27. Charlie says:

    p.s.: Don’t think you’ll solve anything with harsher law enforcement against motorists. Around here, the police despise bicyclists. Why? Because so many of them ignore the basic rules of the road, and are generally self-entitled brats. If you want to look at a group of people who have really cooked their own goose, come to Seattle, a city that once kinda sorta embraced the bicyclists but grows more hostile to them every year.

  28. @Charlie, Thanks for another comment completely lacking in facts. It gives me another opportunity to share facts. According to a 2013 poll by the reputable research firm FM3, which has a margin of error of 4.9 percent, these are the facts about Seattle residents feeling toward bicycles:

    73 percent of the 400 Seattle voters surveyed supported the idea of building protected bike lanes.
    59 percent go further and support “replacing roads and some on-street parking to make protected bicycle lanes.”
    79 percent have favorable feelings about cyclists.
    Only 31 percent agree with the idea that Seattle is “waging a war on cars.”

    As for bicycle advocates thinking we are better than other people (everyone? everyone who doesn’t ride a bike?), if you read anything I write, you will note I repeatedly make the argument people are people and it is unreasonable to expect them to behave any differently if they are on foot, on a bicycle or in a car.

  29. @WCD, Since we teach cycling safety, and we are all insured, licensed safety instructors, no, I am not saying people should ignore “smart safety things.” As for your daughter, I assume you are misquoting her since a quick look at emergency room statistics is all it takes to prove you are wrong again. I am sure given her degree, she would make a more factual statement.

    I have just as many cycling friends who are conservative as I do who are liberal, and no wonder, bicycling is the ultimate conservative transportation: cheap, safe, quick, self-reliant, no need to go to war for it, etc. Given the bikepartisan nature of cycling and your impressive racing heritage, I wish we could have had a different dialogue, but it seems you just want to fight, and I don’t have time for that. I have tried to respond politely with facts, while you have frequently been rude and stalwart in your refusal to respond with anything but anecdotal opinion. I have also noticed you have plenty of time to comment on virtually every blog post published here and probably elsewhere in the Wisconsin blogosphere. I feel I have exhausted any opportunity to use your comments to provide useful, relevant information to other readers, so this will be my final reply on this topic.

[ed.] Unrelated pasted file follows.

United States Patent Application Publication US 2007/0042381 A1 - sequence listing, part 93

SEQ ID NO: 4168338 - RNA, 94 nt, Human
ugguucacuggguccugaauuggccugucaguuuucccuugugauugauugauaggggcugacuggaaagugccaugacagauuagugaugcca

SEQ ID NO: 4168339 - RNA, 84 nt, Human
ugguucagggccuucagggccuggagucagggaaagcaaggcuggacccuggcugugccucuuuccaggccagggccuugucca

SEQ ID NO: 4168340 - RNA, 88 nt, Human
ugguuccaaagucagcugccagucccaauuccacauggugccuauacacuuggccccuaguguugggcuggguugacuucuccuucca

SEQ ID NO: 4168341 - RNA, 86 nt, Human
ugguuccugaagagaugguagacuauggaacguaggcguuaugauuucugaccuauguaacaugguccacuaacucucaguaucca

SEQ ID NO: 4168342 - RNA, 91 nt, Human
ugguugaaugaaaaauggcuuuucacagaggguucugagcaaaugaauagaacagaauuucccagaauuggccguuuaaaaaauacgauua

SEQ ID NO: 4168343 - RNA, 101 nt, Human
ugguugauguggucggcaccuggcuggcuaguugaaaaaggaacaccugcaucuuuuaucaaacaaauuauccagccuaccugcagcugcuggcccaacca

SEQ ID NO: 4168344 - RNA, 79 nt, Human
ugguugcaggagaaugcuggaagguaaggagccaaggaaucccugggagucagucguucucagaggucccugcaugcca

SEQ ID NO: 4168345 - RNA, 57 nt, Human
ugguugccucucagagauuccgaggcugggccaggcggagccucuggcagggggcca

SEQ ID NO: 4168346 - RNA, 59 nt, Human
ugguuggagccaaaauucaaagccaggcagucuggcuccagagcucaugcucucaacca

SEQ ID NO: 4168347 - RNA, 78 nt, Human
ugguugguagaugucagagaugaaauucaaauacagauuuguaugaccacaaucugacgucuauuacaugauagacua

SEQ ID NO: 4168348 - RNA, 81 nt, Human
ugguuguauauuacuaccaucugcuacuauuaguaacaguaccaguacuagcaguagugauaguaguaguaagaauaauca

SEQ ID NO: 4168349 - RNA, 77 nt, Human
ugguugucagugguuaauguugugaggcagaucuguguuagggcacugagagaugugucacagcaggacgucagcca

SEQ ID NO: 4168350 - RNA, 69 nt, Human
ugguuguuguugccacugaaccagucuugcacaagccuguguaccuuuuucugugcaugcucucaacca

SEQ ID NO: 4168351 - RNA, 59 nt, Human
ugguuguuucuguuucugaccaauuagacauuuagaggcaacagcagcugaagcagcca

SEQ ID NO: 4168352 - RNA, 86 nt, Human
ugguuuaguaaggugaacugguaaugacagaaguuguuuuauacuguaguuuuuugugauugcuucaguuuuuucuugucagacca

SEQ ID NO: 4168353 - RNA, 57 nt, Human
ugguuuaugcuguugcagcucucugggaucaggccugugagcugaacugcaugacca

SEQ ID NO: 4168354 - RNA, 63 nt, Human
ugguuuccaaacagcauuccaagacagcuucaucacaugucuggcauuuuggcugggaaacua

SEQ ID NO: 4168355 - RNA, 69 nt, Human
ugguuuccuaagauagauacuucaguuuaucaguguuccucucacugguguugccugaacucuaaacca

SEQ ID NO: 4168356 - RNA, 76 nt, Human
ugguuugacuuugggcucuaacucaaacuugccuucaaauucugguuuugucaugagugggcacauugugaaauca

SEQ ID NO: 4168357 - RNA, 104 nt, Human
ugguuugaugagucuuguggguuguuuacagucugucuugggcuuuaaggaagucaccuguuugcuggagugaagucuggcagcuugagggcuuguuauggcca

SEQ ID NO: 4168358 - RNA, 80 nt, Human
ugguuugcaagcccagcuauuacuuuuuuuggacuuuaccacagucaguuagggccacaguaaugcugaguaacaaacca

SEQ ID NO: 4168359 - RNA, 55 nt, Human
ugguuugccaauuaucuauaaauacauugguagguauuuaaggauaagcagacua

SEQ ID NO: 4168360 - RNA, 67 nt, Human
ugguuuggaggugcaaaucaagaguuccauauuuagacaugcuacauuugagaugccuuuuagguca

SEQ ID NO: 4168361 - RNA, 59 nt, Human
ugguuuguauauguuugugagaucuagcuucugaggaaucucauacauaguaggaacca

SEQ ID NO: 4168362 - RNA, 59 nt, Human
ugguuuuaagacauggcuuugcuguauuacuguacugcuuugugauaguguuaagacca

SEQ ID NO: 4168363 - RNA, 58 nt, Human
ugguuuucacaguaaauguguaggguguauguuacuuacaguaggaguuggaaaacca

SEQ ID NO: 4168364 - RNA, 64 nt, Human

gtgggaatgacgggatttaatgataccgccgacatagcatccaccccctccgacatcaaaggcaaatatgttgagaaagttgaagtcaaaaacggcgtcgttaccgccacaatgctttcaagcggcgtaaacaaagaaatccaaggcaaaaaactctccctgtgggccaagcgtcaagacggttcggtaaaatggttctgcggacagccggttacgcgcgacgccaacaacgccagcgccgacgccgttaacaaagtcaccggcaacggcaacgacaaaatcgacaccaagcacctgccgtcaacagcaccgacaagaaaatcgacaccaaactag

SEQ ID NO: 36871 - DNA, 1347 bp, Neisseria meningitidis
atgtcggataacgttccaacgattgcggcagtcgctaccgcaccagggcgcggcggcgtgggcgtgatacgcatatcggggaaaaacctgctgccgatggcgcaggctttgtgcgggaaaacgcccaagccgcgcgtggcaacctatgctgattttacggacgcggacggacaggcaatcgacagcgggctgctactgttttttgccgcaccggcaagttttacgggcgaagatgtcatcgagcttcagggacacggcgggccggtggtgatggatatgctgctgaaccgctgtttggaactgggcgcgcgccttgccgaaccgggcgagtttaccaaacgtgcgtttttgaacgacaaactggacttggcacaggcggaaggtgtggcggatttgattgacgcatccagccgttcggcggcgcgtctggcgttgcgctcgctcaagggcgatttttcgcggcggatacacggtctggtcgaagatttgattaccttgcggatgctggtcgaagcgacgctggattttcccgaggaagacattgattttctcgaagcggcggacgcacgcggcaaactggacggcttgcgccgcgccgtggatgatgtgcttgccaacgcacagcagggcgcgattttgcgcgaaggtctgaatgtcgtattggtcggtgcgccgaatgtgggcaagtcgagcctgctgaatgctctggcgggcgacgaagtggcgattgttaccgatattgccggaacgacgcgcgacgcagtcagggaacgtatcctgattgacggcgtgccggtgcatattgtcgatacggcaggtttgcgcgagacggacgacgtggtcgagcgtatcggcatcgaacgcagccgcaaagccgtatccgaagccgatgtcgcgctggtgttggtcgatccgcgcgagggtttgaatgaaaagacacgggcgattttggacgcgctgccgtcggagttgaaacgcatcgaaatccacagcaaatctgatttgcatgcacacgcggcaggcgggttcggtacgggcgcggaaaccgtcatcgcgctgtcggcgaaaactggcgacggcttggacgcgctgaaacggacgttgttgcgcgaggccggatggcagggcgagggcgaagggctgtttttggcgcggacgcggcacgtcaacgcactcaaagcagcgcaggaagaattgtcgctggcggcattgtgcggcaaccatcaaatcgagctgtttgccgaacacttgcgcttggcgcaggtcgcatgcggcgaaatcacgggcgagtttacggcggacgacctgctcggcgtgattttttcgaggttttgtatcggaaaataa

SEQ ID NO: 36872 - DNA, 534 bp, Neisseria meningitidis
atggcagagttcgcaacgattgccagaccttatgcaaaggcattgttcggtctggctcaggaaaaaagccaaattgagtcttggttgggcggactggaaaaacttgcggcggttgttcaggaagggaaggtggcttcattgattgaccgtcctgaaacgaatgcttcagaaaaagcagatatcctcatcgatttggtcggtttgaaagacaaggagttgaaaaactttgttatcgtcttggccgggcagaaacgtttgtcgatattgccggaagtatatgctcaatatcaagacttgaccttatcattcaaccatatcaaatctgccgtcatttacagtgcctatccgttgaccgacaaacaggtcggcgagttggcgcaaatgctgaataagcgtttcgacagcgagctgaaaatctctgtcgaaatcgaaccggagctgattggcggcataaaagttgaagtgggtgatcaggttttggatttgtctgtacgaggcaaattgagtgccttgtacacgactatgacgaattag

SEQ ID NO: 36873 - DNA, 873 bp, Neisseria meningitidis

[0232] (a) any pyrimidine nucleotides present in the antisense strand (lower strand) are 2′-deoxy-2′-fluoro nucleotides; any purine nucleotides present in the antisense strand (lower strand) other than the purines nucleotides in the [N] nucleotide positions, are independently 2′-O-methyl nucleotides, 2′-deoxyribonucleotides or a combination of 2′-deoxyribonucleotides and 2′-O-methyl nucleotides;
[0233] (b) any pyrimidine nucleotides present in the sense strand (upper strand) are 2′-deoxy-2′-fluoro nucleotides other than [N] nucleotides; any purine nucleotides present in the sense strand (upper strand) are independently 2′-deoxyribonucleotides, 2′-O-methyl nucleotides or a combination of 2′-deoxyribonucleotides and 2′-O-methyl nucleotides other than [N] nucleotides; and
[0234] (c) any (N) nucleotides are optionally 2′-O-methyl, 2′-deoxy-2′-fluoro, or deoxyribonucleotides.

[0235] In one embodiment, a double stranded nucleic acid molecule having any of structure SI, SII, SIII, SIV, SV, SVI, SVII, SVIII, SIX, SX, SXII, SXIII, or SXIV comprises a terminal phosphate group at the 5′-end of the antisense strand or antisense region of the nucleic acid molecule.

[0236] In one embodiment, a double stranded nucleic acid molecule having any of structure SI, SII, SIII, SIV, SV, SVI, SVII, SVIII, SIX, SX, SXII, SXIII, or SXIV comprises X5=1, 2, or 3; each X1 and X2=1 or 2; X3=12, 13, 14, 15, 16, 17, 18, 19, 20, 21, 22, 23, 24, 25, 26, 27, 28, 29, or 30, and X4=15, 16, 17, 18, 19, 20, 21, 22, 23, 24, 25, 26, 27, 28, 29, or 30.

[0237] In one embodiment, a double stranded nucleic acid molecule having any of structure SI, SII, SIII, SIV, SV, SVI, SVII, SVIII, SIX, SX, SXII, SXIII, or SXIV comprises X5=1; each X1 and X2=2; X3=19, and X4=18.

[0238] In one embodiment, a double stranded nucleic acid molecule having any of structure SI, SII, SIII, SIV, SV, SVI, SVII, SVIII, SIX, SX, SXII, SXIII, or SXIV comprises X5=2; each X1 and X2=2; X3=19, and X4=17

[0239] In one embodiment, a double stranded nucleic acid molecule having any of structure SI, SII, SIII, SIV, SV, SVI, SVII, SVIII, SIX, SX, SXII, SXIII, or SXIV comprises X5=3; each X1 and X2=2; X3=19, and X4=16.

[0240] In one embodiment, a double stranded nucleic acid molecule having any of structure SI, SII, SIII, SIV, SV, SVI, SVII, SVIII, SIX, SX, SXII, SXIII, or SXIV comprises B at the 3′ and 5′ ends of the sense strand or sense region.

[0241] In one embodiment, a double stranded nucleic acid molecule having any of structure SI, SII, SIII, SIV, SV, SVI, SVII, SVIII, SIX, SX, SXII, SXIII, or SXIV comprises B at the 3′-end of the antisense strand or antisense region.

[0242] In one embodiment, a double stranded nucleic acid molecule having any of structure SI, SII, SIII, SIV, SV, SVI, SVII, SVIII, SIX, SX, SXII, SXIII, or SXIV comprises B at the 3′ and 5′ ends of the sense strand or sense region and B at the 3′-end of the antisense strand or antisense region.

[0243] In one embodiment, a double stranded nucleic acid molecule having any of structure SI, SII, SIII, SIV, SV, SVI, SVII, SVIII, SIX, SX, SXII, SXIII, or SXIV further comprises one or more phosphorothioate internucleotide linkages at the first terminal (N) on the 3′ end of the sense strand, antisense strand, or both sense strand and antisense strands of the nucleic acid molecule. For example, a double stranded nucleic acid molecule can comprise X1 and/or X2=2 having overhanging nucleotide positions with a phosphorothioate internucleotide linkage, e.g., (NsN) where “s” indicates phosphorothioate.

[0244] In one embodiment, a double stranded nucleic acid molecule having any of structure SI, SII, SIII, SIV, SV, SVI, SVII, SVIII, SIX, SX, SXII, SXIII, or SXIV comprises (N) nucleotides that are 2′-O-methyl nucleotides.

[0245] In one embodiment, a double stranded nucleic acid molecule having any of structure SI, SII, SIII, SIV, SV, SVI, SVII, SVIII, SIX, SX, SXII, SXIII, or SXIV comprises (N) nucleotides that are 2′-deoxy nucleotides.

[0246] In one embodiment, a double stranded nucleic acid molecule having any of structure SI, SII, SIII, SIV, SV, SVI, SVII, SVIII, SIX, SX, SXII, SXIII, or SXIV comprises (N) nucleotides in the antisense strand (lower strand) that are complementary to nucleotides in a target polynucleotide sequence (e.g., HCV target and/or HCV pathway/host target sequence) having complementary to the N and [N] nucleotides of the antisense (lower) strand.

30. Dave Reid says:

    @WCD Nope nobody is saying that…

  31. Charlie says:

    @Dave, I live in Seattle, remember? The last mayor, known as “Mayor McSchwinn,” was bounced out of office after one term. His predecessor lasted one term. Both were known for their bicycle advocacy. The current mayor is trying to continue it, but it running into significant resistance. None of these things happens overnight, but it’s happening here. Bicyclists have a low and declining reputation here.

    Now, having grown up in Milwaukee, I know all about how it works in my beloved home town, how the trends on the coasts hit five to 10 years late. At the moment, bicyclists there are on the upswing. They’ll continue that way for a while, with the usual lag. And then the backlash will hit, after it has started here.

    It’s so predictable, including your resistance. But it’s going to happen. Put my prediction in an envelope and open it in 10 years. You will see.

  32. @Charlie, You live in Seattle, and have a right to your opinion, but not the facts. Here are the facts and the first thing mentioned on the platform that got your new mayor elected:

    As Mayor, Ed will:

    Create the Move Seattle Strategy; a prioritized comprehensive transportation strategy for Seattle that integrates and prioritizes our bike, pedestrian, transit and freight plans; staying true to the goals of each plan while recognizing transportation must work as a system linked to land use. Ed’s strategy will prioritize our investments and match priorities to funding opportunities so we don’t just plan work but actually secure funding, deliver projects and improve our transportation system.

    So, I will stick to my scientific studies, ever-growing bike counts and even cite the election you brought up as a pro-bike referendum and put your prediction where it belongs. I look forward to hearing from you again in 10 years. Until then, I visit Seattle often, so keep an eye out for a middle-age blond guy with a south side Milwaukee accent in Packers or Bike Fed gear walking, on a bike or on transit.